3. Ah, Turtle Mountain, a favorite of mine. Why? Not for the food as I have only had its green chile cheeseburger at the bar. Very good. In fact, I have only sat at the bar. The waitstaff and bar keep are friendly and informative about the beer, and eager to please.

    You say, Gil, Turtle Mountain has “ostensibly very good beer.” The definition of ostensible is “outwardly appearing.” Gil, why not go internally, for once, and try the beers! Maybe you don’t drink alcohol and for that I apologize for the assumption. But Turtle Mountain has, indeed, very good beers and has won several medals from the Great American Beer Festival in Denver to attest.

    Next, Sr. Plata and his Lawrence of Arabia facial garb. Perhaps there was a slashing, blinding desert storm raging across the Rio Rancho at the time of your seating? Hopefully he was able to pitch the fish and chips through the cloth and into an available orifice for culinary review. Sr. Plata asked for three planks so I assume he was satisfied but one would never know given the curtain.

    By the way, the steak fries resting in front of Sr. Plata look like an archaeological find of dinosaur bones buried deep beneath the topsoil of the West Mesa. This harkens back to the frozen fries in an earlier review comment I made on no excuse for bad fries. I do judge a restaurant by its fries.

    In the end (as Jim Morrison sang), I love Turtle Mountain and would encourage everyone to try it for themselves. Especially families. This place is set up for the edgy drifter who sits alone at the bar and the rollicking family out to enjoy a familial good time.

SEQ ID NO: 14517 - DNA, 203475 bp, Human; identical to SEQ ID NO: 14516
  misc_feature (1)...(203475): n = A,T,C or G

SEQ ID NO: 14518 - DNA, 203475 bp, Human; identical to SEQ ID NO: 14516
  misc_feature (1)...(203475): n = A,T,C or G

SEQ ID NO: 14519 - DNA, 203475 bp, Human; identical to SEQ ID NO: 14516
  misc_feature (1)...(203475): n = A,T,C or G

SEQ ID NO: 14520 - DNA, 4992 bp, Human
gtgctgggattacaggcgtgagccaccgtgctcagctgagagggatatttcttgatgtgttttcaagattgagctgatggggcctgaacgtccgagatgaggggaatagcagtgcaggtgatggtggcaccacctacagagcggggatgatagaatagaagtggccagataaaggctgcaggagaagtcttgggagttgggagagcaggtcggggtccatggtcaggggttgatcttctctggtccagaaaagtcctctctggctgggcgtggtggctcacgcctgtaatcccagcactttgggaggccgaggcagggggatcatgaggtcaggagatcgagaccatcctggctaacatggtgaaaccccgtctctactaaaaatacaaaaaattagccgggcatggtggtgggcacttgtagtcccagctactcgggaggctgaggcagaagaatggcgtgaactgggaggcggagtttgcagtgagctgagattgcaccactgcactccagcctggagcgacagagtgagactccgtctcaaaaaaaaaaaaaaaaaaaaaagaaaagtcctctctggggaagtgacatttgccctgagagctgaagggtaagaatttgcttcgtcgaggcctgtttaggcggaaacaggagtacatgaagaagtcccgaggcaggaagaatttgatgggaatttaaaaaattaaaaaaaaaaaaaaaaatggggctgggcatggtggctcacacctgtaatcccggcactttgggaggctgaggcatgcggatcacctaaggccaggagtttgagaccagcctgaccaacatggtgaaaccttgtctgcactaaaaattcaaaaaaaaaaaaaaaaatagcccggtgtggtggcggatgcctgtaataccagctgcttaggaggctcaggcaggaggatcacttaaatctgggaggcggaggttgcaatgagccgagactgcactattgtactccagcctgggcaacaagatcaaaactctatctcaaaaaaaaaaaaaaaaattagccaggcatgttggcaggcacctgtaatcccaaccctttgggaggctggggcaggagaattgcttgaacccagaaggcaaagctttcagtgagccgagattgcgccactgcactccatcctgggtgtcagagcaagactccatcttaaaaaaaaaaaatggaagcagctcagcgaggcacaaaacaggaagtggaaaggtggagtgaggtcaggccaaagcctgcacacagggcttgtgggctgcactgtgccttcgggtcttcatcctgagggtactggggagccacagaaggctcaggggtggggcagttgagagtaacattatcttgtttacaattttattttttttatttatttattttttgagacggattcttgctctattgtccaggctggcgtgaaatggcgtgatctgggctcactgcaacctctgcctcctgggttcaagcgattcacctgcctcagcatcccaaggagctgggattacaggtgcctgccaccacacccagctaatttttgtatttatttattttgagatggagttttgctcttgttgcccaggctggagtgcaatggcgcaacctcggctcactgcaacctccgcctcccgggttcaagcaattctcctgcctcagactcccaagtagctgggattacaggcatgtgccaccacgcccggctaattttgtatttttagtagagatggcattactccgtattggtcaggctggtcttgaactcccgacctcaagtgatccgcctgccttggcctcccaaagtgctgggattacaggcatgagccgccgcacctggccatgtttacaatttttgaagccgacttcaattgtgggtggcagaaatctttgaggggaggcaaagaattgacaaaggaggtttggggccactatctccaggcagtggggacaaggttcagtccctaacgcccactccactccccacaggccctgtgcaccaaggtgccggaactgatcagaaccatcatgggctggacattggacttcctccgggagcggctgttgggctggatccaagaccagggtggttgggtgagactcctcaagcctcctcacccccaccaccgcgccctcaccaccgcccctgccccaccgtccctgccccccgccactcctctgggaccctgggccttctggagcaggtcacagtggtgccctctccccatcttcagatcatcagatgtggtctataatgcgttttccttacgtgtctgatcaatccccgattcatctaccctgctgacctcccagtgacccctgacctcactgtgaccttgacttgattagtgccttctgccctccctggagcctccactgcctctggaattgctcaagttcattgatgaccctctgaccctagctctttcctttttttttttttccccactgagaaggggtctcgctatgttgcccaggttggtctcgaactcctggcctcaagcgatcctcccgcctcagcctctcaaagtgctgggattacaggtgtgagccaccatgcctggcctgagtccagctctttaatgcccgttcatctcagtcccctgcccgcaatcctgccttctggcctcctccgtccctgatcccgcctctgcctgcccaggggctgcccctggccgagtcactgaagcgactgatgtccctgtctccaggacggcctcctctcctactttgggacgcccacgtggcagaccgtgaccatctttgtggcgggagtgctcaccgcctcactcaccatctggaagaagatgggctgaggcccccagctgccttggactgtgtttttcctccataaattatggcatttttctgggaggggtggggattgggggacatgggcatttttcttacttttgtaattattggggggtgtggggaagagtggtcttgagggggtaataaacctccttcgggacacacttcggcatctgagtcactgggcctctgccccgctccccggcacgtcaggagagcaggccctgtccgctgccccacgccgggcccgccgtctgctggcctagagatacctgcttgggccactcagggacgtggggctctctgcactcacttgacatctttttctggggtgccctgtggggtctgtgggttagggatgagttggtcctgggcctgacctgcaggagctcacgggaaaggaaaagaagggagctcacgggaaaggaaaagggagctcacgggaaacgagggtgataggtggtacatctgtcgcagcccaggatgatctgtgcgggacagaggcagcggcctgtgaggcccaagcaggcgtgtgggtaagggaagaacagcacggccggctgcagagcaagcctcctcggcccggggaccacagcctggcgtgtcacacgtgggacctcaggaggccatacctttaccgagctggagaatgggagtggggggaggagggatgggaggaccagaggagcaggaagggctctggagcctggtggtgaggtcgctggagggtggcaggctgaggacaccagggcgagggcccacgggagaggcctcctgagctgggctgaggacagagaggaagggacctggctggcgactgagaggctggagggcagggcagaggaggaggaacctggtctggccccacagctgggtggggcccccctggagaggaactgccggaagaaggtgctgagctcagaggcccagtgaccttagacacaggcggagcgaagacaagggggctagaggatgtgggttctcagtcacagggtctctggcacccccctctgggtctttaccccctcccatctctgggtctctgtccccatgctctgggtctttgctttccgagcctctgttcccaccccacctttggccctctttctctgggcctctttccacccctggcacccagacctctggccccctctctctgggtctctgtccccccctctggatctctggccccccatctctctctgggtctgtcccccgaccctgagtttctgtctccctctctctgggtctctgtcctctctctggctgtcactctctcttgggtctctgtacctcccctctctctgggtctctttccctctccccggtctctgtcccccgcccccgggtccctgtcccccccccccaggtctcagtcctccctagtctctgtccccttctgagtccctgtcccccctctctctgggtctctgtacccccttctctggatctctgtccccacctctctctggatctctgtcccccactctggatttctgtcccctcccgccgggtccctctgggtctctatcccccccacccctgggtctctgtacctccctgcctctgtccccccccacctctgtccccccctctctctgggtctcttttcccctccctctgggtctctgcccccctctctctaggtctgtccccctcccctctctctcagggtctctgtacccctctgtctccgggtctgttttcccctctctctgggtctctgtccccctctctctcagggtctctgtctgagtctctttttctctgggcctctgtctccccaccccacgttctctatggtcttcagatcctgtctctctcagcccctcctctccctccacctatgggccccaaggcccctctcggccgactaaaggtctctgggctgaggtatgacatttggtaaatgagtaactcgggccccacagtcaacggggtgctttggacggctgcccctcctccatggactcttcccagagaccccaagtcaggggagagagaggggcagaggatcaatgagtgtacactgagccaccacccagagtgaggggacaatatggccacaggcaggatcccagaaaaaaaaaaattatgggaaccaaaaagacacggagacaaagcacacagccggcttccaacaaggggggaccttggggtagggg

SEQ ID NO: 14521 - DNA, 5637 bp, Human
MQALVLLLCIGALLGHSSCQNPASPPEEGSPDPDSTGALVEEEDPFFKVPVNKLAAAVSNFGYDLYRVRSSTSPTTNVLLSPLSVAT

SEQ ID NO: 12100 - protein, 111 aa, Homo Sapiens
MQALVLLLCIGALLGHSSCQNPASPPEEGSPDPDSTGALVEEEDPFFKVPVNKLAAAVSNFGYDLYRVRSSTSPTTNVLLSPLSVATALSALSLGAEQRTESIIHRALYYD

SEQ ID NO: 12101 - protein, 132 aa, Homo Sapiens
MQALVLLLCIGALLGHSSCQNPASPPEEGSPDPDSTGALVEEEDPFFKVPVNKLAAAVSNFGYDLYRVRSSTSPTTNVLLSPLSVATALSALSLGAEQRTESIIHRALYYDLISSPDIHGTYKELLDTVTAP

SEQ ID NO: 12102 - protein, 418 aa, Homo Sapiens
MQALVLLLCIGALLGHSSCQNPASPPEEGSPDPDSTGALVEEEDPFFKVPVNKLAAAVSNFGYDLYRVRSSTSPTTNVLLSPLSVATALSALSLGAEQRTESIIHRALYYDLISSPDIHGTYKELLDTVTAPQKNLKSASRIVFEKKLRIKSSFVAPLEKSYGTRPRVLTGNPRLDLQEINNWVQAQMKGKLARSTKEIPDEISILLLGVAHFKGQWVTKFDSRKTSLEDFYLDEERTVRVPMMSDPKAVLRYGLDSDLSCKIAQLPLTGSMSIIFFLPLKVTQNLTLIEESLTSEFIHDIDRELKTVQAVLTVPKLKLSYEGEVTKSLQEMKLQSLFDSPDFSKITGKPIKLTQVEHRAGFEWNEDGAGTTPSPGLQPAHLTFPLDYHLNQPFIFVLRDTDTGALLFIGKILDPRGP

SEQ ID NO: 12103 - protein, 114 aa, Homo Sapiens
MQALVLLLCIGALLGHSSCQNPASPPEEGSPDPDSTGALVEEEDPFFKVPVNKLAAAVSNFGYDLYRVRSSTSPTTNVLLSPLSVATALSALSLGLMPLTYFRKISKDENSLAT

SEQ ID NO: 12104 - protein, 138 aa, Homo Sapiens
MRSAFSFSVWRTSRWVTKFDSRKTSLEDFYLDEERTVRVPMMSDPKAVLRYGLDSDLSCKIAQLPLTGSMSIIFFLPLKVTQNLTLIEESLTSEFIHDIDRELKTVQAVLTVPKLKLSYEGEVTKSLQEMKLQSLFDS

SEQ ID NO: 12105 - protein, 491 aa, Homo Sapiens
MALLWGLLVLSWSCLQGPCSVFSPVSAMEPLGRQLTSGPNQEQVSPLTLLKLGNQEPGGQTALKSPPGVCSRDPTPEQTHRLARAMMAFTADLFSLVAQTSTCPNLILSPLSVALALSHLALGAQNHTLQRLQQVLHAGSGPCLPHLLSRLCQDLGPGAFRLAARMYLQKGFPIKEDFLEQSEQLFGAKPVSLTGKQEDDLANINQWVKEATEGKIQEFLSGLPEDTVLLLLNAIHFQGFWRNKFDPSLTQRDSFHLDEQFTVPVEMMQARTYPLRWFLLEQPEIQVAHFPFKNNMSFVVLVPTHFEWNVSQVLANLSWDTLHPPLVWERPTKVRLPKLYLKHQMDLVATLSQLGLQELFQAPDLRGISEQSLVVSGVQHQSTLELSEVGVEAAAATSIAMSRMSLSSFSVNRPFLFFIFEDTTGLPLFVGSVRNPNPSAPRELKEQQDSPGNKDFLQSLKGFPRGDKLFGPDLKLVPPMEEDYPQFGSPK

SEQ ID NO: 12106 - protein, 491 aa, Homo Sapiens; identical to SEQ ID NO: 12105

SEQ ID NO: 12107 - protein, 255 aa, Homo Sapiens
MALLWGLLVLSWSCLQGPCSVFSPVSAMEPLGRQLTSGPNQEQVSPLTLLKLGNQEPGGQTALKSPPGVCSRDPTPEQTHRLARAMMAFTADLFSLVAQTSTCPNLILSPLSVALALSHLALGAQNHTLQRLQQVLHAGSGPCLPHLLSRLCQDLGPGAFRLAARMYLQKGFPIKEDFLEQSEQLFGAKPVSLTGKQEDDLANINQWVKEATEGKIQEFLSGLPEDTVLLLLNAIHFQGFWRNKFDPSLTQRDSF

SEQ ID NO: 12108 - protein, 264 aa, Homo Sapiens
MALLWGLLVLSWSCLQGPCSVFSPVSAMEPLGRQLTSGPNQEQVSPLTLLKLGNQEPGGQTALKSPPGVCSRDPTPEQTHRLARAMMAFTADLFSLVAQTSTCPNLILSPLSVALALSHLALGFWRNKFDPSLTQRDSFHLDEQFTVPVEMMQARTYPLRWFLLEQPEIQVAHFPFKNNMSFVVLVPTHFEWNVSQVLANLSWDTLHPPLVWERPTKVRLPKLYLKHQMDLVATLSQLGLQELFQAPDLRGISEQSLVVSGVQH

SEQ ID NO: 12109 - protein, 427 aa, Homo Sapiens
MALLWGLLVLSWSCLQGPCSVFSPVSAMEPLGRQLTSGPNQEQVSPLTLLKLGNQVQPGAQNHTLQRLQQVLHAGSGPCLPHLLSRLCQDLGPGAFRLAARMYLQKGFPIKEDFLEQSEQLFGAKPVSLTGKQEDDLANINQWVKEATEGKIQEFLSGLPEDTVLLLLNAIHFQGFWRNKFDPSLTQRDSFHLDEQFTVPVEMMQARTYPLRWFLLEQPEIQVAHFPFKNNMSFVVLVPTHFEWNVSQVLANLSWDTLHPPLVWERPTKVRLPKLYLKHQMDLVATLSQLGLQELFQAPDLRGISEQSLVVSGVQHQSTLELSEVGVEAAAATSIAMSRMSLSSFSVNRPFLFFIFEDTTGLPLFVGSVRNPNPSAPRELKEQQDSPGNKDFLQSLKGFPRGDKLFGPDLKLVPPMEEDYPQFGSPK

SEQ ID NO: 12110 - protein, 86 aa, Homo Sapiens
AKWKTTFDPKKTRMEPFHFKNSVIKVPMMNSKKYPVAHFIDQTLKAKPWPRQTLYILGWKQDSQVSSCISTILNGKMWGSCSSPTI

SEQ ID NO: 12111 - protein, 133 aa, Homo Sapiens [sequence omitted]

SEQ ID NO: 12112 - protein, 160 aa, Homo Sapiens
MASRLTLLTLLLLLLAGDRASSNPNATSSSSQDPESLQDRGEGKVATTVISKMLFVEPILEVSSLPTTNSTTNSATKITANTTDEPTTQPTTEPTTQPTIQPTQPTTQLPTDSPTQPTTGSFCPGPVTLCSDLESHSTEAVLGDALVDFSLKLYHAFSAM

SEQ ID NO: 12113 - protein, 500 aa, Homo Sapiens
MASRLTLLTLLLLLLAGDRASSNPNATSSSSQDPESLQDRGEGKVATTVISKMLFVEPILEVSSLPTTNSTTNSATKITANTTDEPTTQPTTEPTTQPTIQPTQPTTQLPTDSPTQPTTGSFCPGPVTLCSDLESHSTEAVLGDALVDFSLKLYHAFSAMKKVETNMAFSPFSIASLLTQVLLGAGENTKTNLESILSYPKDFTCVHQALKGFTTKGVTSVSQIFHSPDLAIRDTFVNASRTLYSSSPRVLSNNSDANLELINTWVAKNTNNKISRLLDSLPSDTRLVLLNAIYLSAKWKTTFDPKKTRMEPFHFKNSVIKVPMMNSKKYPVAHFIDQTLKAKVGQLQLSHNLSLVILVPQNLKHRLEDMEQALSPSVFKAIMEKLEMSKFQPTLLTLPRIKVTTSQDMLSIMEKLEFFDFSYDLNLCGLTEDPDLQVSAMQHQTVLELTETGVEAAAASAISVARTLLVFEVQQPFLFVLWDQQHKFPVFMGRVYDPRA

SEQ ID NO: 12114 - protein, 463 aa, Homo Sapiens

4. The last time I was here was in 2012, 8 long years ago. Well, then I didn’t give the Fish & Chips a great review like the 1st time eating it there but it must be true, 3 times a charm. Today’s F & C we awesome! They reminded me of Panko-dredged batter that was deliciously light and not oily. Gil and I had a nice time in the patio where there was a lot of room. For the gluten intolerant, our waitress told us the gluten free pizza crust was considered better than the regular crusts by some of the guests.

  5. Well, I had high expectations from a time gone by since I hadn’t been to Turtle Mountain in ages. I recalled awesome Fish and Chips and I had been told I would have great micro-brewed root beer. First, alas, they stopped with real root a few years back, that is the 1st thing they need worked. 2nd, the fish was good but not great. I remembered more of a panko style than a battered style. I also compare quality, quantity and price and at $13 for the F & C. My friends had the Smokehouse Pizza, would be nice if they alternative to Pulled Pork such as some form of beef. Sorry Sensei, I wanted to see more for our last inch of the year…

  6. Another that completely disagrees with Chad. Chad can keep his hipster self over in Nob Hill if he wishes. TM beers is on par with Chama River and Turtle Mountain’s food is good. Chama River’s entrees are in the high teens to low $20’s whereas Turtle Mountain is in the low teens. Chama River better have good food for those prices.

    Turtle Mountain is good. Don’t listen to Chad.